As a career success coach, I stress the importance of building strong relationships if you want to become a career success. Andy Fiffick is a friend of mine. This morning I received a great email on the subject of friendship from him. I liked it so much, I’ve decided to post it here. It’s a story called “A Nail in the Fence.”
A Nail in the Fence
There once was a little boy who had a bad temper.
His father gave him a bag of nails and told him that every time he lost his temper he was to hammer a nail in the back of a fence on their property.
The first day, the boy hammered 37 nails into the fence. Over the next few weeks, as he learned to control his temper, the number of nails he hammered daily gradually dwindled down. He discovered that it was easier to hold his temper than to drive those nails into the fence.
Finally, the day came when the boy didn’t lose his temper at all. He didn’t hammer one nail into the fence. He told his father about this.
His father told him that he should pull out one nail for every day he was able to control his temper.
The days passed and the boy was finally able to tell his father that all the nails were gone.
The father took the boy to the fence and said, “You’ve done well, son. But look at all the holes in the fence. The fence will never be the same. When you say things in ager, they leave a scar just like this one.
Words can be like a knife. You can put a knife in another person and draw it out. It won’t matter how many times you say “I’m sorry” the wound is still there.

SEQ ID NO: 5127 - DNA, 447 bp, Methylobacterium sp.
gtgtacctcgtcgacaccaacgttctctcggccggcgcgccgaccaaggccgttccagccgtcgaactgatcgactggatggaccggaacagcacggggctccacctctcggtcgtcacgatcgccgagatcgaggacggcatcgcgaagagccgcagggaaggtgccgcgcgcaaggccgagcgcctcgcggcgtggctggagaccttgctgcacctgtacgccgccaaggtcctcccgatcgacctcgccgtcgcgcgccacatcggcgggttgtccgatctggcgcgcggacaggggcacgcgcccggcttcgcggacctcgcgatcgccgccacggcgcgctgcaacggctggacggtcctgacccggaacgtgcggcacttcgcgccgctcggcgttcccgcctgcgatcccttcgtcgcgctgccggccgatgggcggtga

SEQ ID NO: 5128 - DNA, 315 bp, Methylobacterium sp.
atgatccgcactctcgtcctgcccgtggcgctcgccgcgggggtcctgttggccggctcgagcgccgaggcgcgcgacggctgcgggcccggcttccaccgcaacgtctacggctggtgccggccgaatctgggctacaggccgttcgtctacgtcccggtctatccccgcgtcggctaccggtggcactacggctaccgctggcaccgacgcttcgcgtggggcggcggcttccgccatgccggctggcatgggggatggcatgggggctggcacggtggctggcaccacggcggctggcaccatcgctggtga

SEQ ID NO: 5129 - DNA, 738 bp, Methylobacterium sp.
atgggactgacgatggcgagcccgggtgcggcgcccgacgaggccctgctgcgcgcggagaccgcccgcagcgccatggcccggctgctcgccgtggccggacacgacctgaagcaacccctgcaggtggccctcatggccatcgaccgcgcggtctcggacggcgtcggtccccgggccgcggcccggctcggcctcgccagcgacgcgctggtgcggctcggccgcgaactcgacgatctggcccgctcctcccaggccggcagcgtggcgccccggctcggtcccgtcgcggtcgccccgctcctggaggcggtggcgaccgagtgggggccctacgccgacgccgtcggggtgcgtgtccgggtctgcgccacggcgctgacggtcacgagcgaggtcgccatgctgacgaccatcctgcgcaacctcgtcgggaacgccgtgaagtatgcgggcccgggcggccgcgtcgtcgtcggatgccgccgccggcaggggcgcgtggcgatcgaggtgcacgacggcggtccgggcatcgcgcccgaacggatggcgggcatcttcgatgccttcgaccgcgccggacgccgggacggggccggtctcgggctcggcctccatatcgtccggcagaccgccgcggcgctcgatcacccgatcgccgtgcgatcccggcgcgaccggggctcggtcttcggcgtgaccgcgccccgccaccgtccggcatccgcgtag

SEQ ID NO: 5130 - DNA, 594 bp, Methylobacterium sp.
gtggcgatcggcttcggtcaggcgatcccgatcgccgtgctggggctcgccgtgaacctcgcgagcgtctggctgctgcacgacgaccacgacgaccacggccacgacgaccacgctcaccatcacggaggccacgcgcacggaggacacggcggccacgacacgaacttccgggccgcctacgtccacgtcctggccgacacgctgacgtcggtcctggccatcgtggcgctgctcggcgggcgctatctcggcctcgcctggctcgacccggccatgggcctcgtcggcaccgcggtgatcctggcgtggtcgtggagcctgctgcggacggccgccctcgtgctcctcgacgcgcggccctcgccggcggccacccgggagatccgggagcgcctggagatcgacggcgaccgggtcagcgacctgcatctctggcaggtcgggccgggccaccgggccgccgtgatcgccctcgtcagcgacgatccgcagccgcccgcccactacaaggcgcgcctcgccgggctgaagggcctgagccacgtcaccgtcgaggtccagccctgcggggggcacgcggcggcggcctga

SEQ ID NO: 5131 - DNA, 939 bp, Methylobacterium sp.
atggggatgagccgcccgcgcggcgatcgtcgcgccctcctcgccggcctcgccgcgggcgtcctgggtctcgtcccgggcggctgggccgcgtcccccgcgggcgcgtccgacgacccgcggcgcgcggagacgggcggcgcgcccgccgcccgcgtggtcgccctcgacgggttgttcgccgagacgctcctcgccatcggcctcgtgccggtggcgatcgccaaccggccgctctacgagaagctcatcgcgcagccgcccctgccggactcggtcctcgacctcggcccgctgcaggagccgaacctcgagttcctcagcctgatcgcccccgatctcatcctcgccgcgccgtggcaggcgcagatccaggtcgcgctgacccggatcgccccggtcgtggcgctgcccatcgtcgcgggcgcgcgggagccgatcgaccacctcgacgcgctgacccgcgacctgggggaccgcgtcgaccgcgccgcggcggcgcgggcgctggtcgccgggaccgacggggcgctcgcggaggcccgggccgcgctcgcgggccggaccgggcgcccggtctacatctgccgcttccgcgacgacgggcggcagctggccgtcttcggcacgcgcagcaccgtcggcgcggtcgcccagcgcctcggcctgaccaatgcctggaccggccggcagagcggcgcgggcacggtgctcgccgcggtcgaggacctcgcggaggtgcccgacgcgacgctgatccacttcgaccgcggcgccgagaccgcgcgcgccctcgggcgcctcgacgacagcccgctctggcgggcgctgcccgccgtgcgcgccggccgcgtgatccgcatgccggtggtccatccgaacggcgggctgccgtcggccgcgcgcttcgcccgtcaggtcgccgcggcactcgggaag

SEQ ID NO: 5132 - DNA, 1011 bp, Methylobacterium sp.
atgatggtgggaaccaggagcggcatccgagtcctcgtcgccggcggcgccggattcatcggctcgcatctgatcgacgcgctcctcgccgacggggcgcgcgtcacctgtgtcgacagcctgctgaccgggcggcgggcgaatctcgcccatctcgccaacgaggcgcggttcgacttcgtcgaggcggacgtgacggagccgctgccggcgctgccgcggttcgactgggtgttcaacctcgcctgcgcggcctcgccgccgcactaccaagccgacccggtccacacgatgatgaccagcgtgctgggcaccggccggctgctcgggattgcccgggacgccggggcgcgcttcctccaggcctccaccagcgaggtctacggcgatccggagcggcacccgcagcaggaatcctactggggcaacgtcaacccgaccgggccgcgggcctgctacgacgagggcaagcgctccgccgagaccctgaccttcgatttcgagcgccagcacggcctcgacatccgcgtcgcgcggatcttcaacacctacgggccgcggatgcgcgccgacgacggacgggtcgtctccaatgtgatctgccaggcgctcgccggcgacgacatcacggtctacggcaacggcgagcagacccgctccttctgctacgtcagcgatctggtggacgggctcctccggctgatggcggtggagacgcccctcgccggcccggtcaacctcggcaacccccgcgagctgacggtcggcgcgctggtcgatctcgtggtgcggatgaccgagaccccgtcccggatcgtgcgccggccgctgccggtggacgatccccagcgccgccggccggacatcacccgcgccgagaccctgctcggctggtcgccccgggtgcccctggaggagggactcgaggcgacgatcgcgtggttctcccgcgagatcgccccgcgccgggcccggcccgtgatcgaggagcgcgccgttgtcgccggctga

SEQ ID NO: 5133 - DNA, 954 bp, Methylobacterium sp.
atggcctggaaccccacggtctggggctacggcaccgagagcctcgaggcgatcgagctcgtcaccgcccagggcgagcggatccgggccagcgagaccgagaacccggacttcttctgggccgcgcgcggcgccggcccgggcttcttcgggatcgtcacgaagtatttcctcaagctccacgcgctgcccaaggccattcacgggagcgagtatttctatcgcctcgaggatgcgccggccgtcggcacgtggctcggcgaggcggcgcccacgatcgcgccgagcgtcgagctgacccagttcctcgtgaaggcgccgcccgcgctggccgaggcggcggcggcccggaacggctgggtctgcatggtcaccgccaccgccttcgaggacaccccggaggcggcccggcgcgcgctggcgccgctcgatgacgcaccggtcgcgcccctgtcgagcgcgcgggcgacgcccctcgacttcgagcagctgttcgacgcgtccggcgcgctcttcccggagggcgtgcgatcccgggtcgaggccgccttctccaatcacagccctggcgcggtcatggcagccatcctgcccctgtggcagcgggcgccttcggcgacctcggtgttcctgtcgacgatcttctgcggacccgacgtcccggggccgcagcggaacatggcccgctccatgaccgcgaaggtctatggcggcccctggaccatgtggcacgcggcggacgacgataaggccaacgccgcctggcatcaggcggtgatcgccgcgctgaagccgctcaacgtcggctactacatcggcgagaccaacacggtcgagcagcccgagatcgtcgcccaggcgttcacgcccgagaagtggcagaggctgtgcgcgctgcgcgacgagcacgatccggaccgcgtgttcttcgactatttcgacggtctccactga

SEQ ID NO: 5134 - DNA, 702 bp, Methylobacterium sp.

A verbal wound is just as bad as a physical one.
Friends are very rare jewels. They make you smile and encourage you to succeed. They lend an ear, they share words of praise and they always open their hearts to you.
Andy finished with these words. “It’s National Friendship Week. Show your friends how much you care. Send this to everyone you consider a friend. You are my friend and I am honored. Please forgive me if I have ever left a hole in our friendship.”
I sent the email back to Andy, and I’m posting it here as I consider you my friend for reading my blog.
The common sense point here is simple. Successful people build strong relationships and friendships with the people in their lives. My friend Andy Fiffick points out that while it’s a good idea to apologize any time you do anything that hurts one of your friends, or damages one of your relationships, it’s a better idea to conduct yourself in a way that means you don’t have to apologize for what you’ve done. As a career success coach, I urge you to treat your friends and the people with whom you come into contact with respect. Hold your temper. As the old saying goes, “Speak when you’re angry and you’ll give the best speech you’ll ever regret.” Take responsibility for yourself and your actions. Don’t let your anger get the better of you. Be bigger than that. This isn’t easy. I’m working on it myself. This is National Friendship Week; as good a time to start working on your temper as any.
That’s my take on controlling your anger. What’s yours? Please take a minute to leave a comment sharing your thoughts on this. As always, thanks for reading, my friend.